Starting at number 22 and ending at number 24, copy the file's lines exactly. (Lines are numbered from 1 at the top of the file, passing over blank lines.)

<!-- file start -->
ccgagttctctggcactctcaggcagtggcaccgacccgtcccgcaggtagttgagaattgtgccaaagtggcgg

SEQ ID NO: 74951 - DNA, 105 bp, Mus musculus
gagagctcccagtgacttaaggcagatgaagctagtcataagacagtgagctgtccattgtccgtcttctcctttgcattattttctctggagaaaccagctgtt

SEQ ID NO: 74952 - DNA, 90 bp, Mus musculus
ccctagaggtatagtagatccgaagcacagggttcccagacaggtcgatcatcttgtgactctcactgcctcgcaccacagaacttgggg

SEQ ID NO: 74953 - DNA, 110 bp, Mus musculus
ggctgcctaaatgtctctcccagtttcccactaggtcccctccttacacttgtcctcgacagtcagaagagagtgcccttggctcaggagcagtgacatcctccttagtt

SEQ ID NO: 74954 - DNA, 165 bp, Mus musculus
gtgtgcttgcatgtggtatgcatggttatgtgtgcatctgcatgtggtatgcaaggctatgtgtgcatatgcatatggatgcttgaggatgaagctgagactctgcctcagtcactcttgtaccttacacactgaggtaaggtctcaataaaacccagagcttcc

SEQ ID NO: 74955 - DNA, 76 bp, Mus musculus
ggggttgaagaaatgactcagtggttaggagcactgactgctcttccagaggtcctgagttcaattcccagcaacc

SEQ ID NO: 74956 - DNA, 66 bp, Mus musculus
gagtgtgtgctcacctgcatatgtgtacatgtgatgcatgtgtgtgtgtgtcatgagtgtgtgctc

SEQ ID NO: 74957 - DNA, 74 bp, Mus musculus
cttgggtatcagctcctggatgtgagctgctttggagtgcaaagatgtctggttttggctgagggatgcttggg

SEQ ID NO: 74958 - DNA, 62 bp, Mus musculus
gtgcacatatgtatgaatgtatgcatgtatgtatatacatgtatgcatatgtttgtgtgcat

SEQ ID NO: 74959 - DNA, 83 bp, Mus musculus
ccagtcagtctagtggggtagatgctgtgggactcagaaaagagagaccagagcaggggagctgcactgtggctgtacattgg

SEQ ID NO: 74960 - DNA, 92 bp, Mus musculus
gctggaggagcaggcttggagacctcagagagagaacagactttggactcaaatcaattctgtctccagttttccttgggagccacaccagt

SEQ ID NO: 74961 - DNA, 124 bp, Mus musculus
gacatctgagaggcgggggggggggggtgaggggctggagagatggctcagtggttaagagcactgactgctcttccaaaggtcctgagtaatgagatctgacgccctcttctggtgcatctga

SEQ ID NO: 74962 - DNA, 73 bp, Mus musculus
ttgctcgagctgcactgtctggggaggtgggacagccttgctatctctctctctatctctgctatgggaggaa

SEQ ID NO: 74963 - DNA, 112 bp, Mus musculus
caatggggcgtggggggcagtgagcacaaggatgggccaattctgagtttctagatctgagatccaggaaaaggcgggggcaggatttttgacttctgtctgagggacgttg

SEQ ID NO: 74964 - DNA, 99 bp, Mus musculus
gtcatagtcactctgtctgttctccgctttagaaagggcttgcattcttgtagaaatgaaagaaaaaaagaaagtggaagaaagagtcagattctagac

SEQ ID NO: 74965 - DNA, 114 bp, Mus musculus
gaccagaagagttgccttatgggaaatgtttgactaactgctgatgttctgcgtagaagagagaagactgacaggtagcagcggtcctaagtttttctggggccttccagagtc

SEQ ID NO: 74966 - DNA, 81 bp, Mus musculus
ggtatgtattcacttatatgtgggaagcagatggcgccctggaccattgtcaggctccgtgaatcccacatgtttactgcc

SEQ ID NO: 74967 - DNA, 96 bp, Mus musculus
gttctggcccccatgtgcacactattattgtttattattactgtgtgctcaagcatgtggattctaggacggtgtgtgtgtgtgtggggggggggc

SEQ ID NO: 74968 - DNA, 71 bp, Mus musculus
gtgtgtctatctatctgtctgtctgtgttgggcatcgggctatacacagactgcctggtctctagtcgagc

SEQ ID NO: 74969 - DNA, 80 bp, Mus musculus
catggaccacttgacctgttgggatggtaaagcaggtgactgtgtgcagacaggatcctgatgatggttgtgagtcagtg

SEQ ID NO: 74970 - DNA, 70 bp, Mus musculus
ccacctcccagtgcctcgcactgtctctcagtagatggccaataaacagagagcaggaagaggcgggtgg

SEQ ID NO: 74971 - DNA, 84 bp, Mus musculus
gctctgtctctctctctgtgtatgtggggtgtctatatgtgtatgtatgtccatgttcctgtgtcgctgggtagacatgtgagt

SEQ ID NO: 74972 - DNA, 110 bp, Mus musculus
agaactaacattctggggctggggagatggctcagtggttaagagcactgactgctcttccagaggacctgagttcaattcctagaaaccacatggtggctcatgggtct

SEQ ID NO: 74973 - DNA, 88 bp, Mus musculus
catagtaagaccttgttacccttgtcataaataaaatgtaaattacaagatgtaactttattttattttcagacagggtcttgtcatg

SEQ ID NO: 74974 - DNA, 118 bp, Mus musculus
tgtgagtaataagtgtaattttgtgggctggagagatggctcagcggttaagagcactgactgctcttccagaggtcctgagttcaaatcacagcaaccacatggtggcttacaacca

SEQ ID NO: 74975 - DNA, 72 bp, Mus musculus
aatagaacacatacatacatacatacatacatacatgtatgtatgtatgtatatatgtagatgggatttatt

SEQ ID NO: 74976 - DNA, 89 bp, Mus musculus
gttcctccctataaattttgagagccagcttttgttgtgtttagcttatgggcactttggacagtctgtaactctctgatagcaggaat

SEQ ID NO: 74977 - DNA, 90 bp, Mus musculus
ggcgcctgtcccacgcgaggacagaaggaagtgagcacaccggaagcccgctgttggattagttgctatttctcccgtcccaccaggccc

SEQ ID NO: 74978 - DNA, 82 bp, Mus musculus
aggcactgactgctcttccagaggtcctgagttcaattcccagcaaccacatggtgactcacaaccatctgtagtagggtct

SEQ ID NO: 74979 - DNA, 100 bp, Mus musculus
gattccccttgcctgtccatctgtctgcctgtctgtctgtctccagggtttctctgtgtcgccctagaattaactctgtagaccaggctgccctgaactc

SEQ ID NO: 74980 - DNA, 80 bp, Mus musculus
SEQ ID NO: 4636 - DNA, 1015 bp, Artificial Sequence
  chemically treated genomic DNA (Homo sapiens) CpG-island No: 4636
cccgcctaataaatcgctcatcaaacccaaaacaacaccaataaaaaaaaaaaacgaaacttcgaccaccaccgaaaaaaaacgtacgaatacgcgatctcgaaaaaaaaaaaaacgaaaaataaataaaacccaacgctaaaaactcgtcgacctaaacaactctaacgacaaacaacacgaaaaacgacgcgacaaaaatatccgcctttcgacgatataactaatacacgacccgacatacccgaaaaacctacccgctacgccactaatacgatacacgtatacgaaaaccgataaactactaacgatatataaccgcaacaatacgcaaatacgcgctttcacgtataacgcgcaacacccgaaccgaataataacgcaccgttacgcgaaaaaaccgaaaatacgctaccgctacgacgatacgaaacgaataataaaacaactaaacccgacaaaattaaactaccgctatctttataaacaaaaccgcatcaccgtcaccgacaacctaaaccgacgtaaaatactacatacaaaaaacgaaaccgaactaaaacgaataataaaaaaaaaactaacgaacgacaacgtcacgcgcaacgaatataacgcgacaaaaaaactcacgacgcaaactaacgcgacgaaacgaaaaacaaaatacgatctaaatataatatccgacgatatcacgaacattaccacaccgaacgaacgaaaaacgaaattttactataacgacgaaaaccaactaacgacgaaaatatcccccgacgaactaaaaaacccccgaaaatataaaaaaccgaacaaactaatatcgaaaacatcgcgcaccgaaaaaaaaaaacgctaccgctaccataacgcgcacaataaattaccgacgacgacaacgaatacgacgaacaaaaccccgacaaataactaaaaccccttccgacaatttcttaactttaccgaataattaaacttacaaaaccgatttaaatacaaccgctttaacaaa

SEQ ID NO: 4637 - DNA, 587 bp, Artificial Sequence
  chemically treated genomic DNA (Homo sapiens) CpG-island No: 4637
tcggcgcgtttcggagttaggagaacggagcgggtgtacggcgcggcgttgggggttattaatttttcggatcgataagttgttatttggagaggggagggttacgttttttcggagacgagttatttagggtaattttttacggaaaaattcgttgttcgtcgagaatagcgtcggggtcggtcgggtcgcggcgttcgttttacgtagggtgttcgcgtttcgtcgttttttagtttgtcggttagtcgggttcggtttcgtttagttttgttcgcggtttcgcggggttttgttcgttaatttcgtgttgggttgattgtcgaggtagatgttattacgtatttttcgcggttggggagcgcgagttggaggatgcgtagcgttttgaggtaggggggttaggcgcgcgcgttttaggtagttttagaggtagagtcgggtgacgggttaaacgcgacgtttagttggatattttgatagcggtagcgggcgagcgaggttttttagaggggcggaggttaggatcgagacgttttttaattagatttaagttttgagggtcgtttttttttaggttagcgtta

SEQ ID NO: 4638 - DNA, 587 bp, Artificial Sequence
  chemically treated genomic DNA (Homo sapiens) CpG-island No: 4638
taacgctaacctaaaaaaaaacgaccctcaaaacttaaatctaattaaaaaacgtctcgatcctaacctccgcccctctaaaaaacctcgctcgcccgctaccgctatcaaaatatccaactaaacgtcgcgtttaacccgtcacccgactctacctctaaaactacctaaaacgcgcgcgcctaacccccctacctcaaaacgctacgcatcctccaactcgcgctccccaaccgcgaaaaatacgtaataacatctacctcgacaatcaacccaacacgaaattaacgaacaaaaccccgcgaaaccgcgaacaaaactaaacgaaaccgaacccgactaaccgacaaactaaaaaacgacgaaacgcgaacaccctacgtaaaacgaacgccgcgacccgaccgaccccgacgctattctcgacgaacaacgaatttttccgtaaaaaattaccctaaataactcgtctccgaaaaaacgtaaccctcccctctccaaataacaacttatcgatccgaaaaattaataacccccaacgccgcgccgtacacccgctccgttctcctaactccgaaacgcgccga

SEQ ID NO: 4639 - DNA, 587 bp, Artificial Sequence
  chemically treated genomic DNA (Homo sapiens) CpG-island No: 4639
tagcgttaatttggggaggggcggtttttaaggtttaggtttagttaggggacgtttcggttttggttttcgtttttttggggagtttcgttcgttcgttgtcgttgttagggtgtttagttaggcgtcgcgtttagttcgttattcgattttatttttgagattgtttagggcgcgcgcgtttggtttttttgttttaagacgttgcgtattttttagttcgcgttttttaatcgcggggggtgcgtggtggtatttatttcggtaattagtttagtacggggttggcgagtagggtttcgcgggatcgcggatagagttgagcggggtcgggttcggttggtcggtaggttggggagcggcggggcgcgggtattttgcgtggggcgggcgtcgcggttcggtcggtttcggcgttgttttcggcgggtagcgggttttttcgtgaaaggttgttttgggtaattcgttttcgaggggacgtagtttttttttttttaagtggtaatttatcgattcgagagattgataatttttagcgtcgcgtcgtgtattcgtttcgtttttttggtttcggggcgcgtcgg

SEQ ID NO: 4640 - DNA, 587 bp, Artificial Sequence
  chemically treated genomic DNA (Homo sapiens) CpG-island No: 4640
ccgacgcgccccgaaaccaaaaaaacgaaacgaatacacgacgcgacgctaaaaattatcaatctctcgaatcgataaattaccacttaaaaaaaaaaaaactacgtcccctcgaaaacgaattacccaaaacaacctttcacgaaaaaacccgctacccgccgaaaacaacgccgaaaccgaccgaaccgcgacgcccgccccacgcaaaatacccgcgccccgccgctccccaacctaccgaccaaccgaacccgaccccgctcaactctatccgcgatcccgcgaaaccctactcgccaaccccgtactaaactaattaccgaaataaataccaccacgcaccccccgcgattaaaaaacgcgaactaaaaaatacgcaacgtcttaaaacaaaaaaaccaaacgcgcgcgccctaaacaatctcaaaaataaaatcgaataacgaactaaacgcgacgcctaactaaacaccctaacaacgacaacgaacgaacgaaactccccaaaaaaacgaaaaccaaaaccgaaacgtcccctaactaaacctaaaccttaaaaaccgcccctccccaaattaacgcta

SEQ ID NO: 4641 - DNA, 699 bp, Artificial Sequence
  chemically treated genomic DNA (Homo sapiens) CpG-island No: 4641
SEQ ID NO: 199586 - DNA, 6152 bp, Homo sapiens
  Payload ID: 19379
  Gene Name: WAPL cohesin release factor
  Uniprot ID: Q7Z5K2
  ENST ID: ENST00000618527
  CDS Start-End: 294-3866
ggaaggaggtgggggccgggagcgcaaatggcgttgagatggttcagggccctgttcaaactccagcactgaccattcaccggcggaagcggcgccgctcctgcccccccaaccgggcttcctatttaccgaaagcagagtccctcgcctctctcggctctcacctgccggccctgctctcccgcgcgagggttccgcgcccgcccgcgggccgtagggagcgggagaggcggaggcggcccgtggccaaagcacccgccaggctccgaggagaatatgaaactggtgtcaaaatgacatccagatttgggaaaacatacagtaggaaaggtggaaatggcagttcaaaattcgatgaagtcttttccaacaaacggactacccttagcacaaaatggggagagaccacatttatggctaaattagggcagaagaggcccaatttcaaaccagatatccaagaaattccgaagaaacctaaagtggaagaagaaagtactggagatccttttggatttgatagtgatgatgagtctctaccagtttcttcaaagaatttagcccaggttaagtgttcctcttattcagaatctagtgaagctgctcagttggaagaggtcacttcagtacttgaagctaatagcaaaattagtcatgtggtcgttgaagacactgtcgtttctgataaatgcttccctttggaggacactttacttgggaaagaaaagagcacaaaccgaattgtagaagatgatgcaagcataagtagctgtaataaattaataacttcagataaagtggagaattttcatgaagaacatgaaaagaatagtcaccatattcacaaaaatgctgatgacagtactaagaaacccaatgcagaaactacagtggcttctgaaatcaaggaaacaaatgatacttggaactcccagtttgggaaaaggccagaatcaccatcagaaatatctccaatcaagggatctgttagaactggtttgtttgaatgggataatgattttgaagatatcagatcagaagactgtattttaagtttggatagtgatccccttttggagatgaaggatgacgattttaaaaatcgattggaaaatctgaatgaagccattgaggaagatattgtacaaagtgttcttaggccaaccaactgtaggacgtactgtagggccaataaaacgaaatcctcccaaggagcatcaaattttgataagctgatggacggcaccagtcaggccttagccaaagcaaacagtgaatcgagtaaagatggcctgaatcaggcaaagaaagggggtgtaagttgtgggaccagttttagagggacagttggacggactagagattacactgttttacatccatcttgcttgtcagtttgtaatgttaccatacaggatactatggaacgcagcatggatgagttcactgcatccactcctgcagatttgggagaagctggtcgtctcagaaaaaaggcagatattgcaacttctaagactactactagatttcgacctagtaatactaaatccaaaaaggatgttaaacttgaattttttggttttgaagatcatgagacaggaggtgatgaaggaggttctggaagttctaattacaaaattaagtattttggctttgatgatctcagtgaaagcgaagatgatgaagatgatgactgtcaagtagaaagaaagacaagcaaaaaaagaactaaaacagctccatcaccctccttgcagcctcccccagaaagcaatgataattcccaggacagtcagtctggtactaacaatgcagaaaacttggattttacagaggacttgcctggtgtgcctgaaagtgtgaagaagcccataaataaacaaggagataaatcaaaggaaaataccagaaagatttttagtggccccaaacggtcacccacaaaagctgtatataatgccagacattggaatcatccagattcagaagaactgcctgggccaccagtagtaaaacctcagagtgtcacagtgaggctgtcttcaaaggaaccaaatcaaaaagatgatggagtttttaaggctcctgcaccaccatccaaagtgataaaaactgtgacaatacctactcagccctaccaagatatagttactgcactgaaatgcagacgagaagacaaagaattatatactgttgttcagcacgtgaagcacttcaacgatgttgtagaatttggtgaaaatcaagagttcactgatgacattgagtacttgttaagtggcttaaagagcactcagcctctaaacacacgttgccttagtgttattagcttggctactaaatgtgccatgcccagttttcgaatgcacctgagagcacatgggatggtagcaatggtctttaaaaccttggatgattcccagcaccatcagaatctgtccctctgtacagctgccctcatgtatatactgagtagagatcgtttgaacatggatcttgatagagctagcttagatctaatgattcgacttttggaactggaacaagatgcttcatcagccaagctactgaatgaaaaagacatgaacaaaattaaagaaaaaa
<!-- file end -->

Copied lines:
SEQ ID NO: 74961 - DNA, 124 bp, Mus musculus
gacatctgagaggcgggggggggggggtgaggggctggagagatggctcagtggttaagagcactgactgctcttccaaaggtcctgagtaatgagatctgacgccctcttctggtgcatctga

SEQ ID NO: 74962 - DNA, 73 bp, Mus musculus